Author Archives: profvillatoro

Advisement Philosophy

The Advisement Experience

I believe the purpose of advising is to help students connect with the department, to visualize a path to their degree, and to commit to a level of accountability for their success.  As an academic advisor, I strive to be knowledgeable, resourceful and dependable.  As a member of the advising community I think it is important to stay informed of curriculum updates and program changes.  Each advisement experience includes the following interactions:

  1. Making a Connection – Advisor and student exchange introductions. Advisor seeks background information, major, what semester of study, do they understand what requirements they have to fulfill.
  2. Identifying the End Goal – Does the student have a long term plan? Can the advisor offer advice regarding the students’ goals.
  3. Identifying the Current Situation – Are there circumstances that affect the short term plan? Work, finances, family, etc.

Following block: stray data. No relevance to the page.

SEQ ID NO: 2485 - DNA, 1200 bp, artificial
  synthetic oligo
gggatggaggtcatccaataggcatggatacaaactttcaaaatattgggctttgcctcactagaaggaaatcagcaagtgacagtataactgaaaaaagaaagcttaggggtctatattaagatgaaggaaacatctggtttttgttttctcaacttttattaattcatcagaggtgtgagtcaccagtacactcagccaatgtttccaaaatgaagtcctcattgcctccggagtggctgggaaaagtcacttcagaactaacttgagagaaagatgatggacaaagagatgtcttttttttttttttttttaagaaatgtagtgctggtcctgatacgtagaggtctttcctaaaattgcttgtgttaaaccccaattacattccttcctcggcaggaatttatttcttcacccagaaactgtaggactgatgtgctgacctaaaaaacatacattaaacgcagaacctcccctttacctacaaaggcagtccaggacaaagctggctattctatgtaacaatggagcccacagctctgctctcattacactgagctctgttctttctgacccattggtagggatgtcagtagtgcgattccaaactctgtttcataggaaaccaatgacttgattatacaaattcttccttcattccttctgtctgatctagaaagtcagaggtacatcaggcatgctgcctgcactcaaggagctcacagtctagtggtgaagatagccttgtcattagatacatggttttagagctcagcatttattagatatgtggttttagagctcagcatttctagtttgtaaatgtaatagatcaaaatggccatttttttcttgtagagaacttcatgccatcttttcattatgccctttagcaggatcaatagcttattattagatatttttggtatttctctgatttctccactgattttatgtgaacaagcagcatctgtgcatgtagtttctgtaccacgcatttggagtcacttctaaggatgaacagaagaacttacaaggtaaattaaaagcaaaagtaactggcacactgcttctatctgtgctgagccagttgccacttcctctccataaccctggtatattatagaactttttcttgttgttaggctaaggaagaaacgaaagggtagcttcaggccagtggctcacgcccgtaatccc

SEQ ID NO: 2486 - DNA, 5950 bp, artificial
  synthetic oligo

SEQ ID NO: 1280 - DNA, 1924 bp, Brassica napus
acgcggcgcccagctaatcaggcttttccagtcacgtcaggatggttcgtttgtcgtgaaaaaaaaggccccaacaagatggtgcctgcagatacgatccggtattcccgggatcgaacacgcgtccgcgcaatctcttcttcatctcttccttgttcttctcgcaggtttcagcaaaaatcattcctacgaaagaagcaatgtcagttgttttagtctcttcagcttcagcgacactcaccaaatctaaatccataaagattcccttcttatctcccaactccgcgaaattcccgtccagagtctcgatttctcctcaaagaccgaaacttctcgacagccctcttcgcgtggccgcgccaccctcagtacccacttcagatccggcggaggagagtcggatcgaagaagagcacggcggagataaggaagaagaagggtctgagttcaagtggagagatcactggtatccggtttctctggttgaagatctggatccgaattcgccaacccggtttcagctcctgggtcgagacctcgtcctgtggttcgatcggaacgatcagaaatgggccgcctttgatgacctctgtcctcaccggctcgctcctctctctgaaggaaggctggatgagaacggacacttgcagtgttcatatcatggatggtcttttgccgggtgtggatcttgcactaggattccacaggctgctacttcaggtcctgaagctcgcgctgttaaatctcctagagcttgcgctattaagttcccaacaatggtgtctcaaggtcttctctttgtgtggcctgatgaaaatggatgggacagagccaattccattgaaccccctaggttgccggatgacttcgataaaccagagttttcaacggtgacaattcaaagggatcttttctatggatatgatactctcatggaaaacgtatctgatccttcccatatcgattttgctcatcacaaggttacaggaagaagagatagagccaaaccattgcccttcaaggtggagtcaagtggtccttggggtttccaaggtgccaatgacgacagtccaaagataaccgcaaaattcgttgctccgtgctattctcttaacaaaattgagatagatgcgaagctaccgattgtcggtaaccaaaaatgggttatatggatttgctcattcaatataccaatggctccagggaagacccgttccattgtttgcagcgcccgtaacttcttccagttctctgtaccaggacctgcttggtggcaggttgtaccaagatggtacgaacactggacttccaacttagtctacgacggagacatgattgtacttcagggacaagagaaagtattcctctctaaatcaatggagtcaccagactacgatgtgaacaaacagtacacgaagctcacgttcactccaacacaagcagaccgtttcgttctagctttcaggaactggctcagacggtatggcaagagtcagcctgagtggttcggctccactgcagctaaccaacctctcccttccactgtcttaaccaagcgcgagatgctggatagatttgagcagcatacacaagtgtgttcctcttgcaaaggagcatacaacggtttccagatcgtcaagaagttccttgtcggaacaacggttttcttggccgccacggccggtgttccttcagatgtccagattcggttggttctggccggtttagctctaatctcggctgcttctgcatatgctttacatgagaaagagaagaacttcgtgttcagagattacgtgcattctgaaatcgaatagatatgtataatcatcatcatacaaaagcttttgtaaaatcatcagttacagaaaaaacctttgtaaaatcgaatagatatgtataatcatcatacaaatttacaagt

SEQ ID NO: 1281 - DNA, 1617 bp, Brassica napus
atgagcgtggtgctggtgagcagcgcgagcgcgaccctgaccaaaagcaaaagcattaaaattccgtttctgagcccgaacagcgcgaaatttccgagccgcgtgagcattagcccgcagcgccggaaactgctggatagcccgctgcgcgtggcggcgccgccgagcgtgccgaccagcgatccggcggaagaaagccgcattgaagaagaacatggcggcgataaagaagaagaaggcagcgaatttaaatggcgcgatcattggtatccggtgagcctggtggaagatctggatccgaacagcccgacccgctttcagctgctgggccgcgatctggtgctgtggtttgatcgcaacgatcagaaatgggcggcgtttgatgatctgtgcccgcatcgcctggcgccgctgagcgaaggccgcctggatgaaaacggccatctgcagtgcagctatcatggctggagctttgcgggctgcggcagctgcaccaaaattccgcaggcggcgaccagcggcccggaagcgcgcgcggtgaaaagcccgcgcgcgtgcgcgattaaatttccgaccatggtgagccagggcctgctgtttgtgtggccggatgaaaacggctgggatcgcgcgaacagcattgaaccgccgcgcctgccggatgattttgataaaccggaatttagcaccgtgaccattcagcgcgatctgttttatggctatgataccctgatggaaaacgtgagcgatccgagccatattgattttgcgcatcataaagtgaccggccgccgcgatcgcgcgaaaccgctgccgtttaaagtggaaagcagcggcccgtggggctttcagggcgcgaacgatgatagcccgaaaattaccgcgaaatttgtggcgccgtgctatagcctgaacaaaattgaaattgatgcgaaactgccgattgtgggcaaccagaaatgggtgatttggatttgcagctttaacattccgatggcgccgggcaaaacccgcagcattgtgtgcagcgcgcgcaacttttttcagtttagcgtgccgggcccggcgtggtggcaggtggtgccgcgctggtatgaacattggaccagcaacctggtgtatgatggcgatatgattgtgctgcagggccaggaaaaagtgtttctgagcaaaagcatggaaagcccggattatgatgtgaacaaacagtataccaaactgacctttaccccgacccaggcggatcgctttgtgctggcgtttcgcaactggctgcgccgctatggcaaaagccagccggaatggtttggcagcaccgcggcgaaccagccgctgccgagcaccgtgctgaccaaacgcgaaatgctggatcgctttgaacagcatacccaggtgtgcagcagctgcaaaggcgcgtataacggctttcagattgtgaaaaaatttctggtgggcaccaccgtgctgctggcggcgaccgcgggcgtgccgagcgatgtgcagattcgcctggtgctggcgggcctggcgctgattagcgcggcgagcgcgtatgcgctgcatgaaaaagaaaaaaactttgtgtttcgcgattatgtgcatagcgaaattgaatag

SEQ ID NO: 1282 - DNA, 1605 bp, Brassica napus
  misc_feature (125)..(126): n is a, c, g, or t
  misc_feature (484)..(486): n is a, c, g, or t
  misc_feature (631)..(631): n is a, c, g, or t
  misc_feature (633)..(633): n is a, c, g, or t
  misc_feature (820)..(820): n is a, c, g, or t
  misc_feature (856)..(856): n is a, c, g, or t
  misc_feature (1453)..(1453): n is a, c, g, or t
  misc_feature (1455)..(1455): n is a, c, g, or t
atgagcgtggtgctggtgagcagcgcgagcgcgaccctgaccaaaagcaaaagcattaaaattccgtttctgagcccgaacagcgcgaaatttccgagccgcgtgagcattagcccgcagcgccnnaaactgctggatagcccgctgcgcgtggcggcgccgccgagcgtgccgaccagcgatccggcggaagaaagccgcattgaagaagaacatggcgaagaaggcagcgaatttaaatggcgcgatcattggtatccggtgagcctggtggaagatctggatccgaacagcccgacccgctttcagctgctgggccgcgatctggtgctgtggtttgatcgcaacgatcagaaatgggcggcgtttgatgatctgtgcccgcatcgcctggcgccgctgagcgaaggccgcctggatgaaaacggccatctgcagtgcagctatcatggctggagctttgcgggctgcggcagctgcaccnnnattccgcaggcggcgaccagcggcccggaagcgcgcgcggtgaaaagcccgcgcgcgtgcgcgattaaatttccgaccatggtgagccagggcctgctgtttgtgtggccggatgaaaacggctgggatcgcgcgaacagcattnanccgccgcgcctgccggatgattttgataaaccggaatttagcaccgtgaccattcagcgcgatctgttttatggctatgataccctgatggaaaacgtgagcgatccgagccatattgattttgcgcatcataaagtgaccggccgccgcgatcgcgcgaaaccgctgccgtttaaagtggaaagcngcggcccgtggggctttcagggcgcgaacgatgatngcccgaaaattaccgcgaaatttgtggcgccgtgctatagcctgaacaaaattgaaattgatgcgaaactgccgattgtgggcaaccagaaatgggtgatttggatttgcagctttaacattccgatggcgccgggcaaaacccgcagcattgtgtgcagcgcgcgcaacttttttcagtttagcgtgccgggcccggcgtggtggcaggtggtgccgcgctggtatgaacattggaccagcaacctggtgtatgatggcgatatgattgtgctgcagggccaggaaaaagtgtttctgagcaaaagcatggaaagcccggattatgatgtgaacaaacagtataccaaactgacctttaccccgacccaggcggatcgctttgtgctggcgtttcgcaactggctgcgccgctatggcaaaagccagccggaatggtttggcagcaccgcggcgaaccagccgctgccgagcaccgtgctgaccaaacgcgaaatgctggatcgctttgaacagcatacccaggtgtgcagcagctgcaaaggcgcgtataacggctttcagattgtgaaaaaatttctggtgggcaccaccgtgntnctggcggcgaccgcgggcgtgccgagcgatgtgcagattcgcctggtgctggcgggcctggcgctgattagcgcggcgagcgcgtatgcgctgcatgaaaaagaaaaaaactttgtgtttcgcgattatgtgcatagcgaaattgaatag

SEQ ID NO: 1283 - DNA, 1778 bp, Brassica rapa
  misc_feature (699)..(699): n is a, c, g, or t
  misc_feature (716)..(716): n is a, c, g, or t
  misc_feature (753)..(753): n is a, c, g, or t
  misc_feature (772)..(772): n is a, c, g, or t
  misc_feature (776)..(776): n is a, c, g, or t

4. Establishing Accountability – Review the recommended pathway for the student and identify critical junctures along the path. The student should understand their role and responsibility in completing their degrees in a timely manner.
  5. Inviting them back – Advisors should encourage students to come back next semester and check the progress of the plan developed during this session of academic advising.

Scavenger Hunt Reflection

For the scavenger hunt, we started out in Voorhees and I can say that the branding and signage is very good compared to the other buildings. However, it would be more beneficial if all of the buildings carried the same branding.

I used to wonder how students managed to “miss” advisement. During advisement, we put up a lot of signs but I can see now, that is just another piece of paper on the wall. To answer the question about, How widely known are the benefits of seeing an advisor? Who are we communicating this to and at what time/place? I would say that we are not doing a very good job identifying the Value of advisement.  I talk to my students in my class about it and during orientation but what about the students who don’t hear about it?

To reflect on, Did what you find meet your standards?  I can relate to students now.  I realize that we have an “expert blind spot” in advisement just as in teaching.  There is a lot more background information in our heads when we are explaining advisement options to our students.  We forget that from their point of view, it may not all make sense.